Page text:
Stelios Panos has been hard at work again — or more likely still — and he now presents us with a collection of 60 songs / solos of Jim Hall along with 19 by Herb Ellis. The package includes Band-in-a-Box files as well as .MP4’s of the original songs or solos. You can see the whole set by clicking here.
Stelios includes a Read Me file that you should read to get the most out of his transcriptions in Band-in-a-Box (BiaB). One very interesting note is that the actual recordings from which the transcriptions are taken can be heard in the Audio track of the song as it plays in Band-in-a-Box. He recommends turning this off rather than have a sort of doubling or echo effect with the transcribed guitar, which can sound odd and be distracting. However, if you mute everything but the Audio and Guitar parts you can hear how accurately the BiaB version reflects the original.
Because BiaB is at heart playing from MIDI, there are limitations to its accuracy, although these are rarely serious, or even noticeable. Still, they can give odd-looking results in the Notation window and sometimes differ from the actual Audio performance very slightly. And while Stelios Panos is a master of using MIDI and Band-in-a-Box to mimic playing techniques, there are some nuances that just cannot be caught. So if you want to get the exact feel of an entire piece, it’s a good idea to start with the BiaB version as it is, compare it to the Audio, and finally compare your resulting version with the MP4 file. Sound like a lot of work? You bet! At least for a few of the songs. So in those cases I’d only recommend it for those special favourites that you want to sound exactly like Jim Hall or Herb Ellis, and if you are going to imitate someone on guitar, there are few better models than these two jazz stars. No matter how you play with them, you can get very close to these artists’ styles and get terrific ideas to incorporate into your own playing, which is likely the best use of such transcriptions in any case.
Besides being one of the great players, Jim Hall is a uniquely talented teacher. I highly recommend his book “Exploring Jazz Guitar” published by our friends at Hal Leonard. It’s easy to spot on a bookshelf as its cover was designed by Gary Larson (of “The Far Side” fame)! As you might guess, this is an easy-going exploration of what is behind playing jazz guitar and how to think jazz guitar rather than just a book of transcriptions. I take it off the shelf when I need inspiration or I feel that my playing is getting a bit stale. I don’t have space or time to review this great book here, but I hope it gives you a bit of a glimpse into what to expect from his playing: originality, thoughtfulness, wit, fun, and virtuosity. All of Jim’s music is well worth listening to and studying, as well as learning to play.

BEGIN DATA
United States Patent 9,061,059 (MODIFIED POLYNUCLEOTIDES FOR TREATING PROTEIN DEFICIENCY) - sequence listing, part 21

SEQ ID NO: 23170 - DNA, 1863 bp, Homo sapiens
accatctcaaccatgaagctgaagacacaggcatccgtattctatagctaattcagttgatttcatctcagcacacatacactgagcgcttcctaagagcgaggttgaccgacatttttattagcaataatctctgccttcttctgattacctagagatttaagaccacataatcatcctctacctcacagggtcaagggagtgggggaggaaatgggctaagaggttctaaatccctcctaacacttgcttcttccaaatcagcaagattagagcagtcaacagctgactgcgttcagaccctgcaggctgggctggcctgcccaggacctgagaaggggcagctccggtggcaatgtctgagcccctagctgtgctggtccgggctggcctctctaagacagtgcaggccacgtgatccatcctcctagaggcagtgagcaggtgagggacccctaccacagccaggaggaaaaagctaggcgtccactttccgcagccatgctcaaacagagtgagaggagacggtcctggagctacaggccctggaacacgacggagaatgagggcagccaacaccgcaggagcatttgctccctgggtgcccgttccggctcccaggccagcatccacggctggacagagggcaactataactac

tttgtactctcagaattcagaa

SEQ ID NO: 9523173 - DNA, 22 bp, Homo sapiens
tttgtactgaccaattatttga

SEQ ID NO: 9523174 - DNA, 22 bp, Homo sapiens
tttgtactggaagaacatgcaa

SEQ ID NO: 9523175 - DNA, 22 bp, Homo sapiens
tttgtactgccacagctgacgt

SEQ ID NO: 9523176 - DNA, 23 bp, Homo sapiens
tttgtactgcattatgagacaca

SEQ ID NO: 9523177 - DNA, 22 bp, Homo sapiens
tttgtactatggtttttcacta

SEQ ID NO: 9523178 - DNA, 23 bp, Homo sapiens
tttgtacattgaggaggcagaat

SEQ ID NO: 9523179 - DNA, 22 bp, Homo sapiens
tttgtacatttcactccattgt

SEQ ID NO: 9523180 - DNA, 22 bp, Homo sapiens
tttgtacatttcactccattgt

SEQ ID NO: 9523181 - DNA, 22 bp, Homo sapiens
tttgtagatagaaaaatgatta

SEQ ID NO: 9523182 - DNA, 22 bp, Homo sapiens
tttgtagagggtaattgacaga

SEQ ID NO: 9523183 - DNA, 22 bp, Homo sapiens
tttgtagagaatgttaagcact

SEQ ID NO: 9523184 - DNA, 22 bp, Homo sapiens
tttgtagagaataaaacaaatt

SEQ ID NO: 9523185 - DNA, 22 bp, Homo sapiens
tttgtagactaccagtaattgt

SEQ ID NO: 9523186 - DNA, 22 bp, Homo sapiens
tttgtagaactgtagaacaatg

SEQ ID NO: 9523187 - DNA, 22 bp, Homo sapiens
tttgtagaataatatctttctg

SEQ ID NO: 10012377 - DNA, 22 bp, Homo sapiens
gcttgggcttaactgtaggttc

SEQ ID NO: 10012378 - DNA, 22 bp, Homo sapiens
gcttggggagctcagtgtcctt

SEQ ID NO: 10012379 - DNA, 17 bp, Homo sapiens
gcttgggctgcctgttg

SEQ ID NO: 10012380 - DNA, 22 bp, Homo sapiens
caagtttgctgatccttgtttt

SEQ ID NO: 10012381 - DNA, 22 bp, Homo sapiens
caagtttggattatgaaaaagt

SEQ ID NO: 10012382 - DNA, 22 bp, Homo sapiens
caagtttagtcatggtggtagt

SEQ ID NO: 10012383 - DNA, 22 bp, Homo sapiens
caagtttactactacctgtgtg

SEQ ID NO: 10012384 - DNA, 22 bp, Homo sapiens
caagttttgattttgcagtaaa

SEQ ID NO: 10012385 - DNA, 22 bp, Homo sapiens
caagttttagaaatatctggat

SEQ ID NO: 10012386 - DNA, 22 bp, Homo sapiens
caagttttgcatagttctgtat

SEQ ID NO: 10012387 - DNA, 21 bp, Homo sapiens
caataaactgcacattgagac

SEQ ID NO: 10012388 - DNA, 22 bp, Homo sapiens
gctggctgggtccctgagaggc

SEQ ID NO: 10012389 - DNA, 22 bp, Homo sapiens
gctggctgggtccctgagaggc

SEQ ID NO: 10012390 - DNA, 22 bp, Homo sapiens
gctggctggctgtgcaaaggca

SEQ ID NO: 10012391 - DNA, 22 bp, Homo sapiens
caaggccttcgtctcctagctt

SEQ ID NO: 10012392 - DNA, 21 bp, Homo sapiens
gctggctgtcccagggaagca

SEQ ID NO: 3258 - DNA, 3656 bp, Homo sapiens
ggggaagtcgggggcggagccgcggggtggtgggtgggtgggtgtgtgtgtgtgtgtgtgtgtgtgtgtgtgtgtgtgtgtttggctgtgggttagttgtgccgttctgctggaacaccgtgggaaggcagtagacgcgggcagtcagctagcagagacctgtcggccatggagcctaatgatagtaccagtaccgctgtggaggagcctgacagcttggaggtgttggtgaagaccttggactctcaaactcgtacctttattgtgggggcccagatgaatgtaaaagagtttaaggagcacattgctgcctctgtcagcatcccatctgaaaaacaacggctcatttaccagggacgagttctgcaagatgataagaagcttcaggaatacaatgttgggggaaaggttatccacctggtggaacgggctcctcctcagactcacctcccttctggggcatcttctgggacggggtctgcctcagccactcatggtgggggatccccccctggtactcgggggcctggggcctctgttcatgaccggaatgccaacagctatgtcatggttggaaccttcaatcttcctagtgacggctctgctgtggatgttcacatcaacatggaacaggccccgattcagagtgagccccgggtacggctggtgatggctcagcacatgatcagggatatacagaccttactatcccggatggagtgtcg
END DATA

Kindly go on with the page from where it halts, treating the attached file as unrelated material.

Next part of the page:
Herb Ellis is another brilliant player who was also renowned as a teacher, and as a fine person. Wikipedia has a short note that: “Ellis became prominent after performing with the Oscar Peterson Trio from 1953 to 1958 along with pianist Peterson and bassist Ray Brown. He was a somewhat controversial member of the trio, because he was the only white person in the group in a time when racism was still very much widespread.“
First, it is sad to see the past tense saying “when racism was still very much widespread”, especially in this year of 2020. However, what is unacknowledged is that during the time that hotels were designated as “white” and “black” he chose to stay with his band mates in the “black”hotels, often to the chagrin — and worse — of the local white population.
His teaching reputation brought Emily Remler to New Orleans to learn from him, and he introduced her to the jazz world at the Concord Jazz Festival in 1978. He too used the talents of Gary Larson, in his case having the Far Side creator design an album cover in exchange for guitar lessons! Quite a deal.
As with his other artist transcriptions, Stelios offers a few free samples for both guitarists here. You will have to scroll down to find them because he has provided us with transcriptions of so many of the great jazz masters. I’m still holding out hope for George Barnes and Emily Remler, but as it stands his list covers most of jazz guitar’s brightest stars.
Stelios Panos retains my highest recommendation, extended to include this new collection. Most transcribers would improve over the years that he has put into this work, but his original work on Django Reinhardt set the bar so high that there was little room for improvement, except for his incorporation of each added or optimized function in Band-in-a-Box. At considerably less than $1 (or €1 ) per song, this is a very good deal (especially with international currency fluctuations of late). If you are still not convinced, download the free songs and try them for yourself. You might just discover a whole new world, or two, of jazz guitar.